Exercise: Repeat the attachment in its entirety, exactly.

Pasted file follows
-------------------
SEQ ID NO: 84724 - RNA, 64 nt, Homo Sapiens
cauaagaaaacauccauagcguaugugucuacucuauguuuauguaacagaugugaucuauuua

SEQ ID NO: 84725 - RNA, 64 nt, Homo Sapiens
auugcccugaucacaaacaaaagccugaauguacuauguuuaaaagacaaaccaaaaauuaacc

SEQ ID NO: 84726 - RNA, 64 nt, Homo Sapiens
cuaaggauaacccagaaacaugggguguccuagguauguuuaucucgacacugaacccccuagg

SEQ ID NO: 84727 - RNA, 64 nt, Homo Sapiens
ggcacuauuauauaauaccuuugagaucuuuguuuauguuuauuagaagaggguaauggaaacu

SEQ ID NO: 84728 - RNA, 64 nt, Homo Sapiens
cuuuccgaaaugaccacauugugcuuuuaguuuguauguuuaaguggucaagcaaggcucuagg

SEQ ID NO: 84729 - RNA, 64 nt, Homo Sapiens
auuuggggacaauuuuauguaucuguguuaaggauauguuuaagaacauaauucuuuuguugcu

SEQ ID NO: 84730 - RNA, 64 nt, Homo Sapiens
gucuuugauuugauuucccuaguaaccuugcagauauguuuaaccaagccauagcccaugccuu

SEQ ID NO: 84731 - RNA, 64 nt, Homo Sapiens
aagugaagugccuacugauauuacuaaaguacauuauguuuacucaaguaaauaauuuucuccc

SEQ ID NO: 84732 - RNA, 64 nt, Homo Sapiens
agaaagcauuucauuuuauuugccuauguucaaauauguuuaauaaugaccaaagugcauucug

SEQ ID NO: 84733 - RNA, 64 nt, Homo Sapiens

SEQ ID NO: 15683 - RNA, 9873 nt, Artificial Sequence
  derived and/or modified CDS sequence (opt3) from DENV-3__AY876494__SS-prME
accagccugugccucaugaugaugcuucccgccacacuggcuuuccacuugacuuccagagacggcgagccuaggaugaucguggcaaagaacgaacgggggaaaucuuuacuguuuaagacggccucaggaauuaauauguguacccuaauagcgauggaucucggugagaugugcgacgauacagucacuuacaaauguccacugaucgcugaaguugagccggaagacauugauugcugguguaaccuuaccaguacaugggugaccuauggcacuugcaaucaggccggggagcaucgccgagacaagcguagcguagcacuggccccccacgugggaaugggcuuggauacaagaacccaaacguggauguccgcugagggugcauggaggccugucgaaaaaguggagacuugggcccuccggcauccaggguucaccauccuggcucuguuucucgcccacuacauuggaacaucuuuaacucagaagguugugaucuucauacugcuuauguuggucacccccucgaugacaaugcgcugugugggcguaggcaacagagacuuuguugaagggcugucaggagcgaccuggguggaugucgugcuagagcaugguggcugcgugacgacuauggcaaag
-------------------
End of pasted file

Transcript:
SEQ ID NO: 84724 - RNA, 64 nt, Homo Sapiens
cauaagaaaacauccauagcguaugugucuacucuauguuuauguaacagaugugaucuauuua

SEQ ID NO: 84725 - RNA, 64 nt, Homo Sapiens
auugcccugaucacaaacaaaagccugaauguacuauguuuaaaagacaaaccaaaaauuaacc

SEQ ID NO: 84726 - RNA, 64 nt, Homo Sapiens
cuaaggauaacccagaaacaugggguguccuagguauguuuaucucgacacugaacccccuagg

SEQ ID NO: 84727 - RNA, 64 nt, Homo Sapiens
ggcacuauuauauaauaccuuugagaucuuuguuuauguuuauuagaagaggguaauggaaacu

SEQ ID NO: 84728 - RNA, 64 nt, Homo Sapiens
cuuuccgaaaugaccacauugugcuuuuaguuuguauguuuaaguggucaagcaaggcucuagg

SEQ ID NO: 84729 - RNA, 64 nt, Homo Sapiens
auuuggggacaauuuuauguaucuguguuaaggauauguuuaagaacauaauucuuuuguugcu

SEQ ID NO: 84730 - RNA, 64 nt, Homo Sapiens
gucuuugauuugauuucccuaguaaccuugcagauauguuuaaccaagccauagcccaugccuu

SEQ ID NO: 84731 - RNA, 64 nt, Homo Sapiens
aagugaagugccuacugauauuacuaaaguacauuauguuuacucaaguaaauaauuuucuccc

SEQ ID NO: 84732 - RNA, 64 nt, Homo Sapiens
agaaagcauuucauuuuauuugccuauguucaaauauguuuaauaaugaccaaagugcauucug

SEQ ID NO: 84733 - RNA, 64 nt, Homo Sapiens

SEQ ID NO: 15683 - RNA, 9873 nt, Artificial Sequence
  derived and/or modified CDS sequence (opt3) from DENV-3__AY876494__SS-prME
accagccugugccucaugaugaugcuucccgccacacuggcuuuccacuugacuuccagagacggcgagccuaggaugaucguggcaaagaacgaacgggggaaaucuuuacuguuuaagacggccucaggaauuaauauguguacccuaauagcgauggaucucggugagaugugcgacgauacagucacuuacaaauguccacugaucgcugaaguugagccggaagacauugauugcugguguaaccuuaccaguacaugggugaccuauggcacuugcaaucaggccggggagcaucgccgagacaagcguagcguagcacuggccccccacgugggaaugggcuuggauacaagaacccaaacguggauguccgcugagggugcauggaggccugucgaaaaaguggagacuugggcccuccggcauccaggguucaccauccuggcucuguuucucgcccacuacauuggaacaucuuuaacucagaagguugugaucuucauacugcuuauguuggucacccccucgaugacaaugcgcugugugggcguaggcaacagagacuuuguugaagggcugucaggagcgaccuggguggaugucgugcuagagcaugguggcugcgugacgacuauggcaaag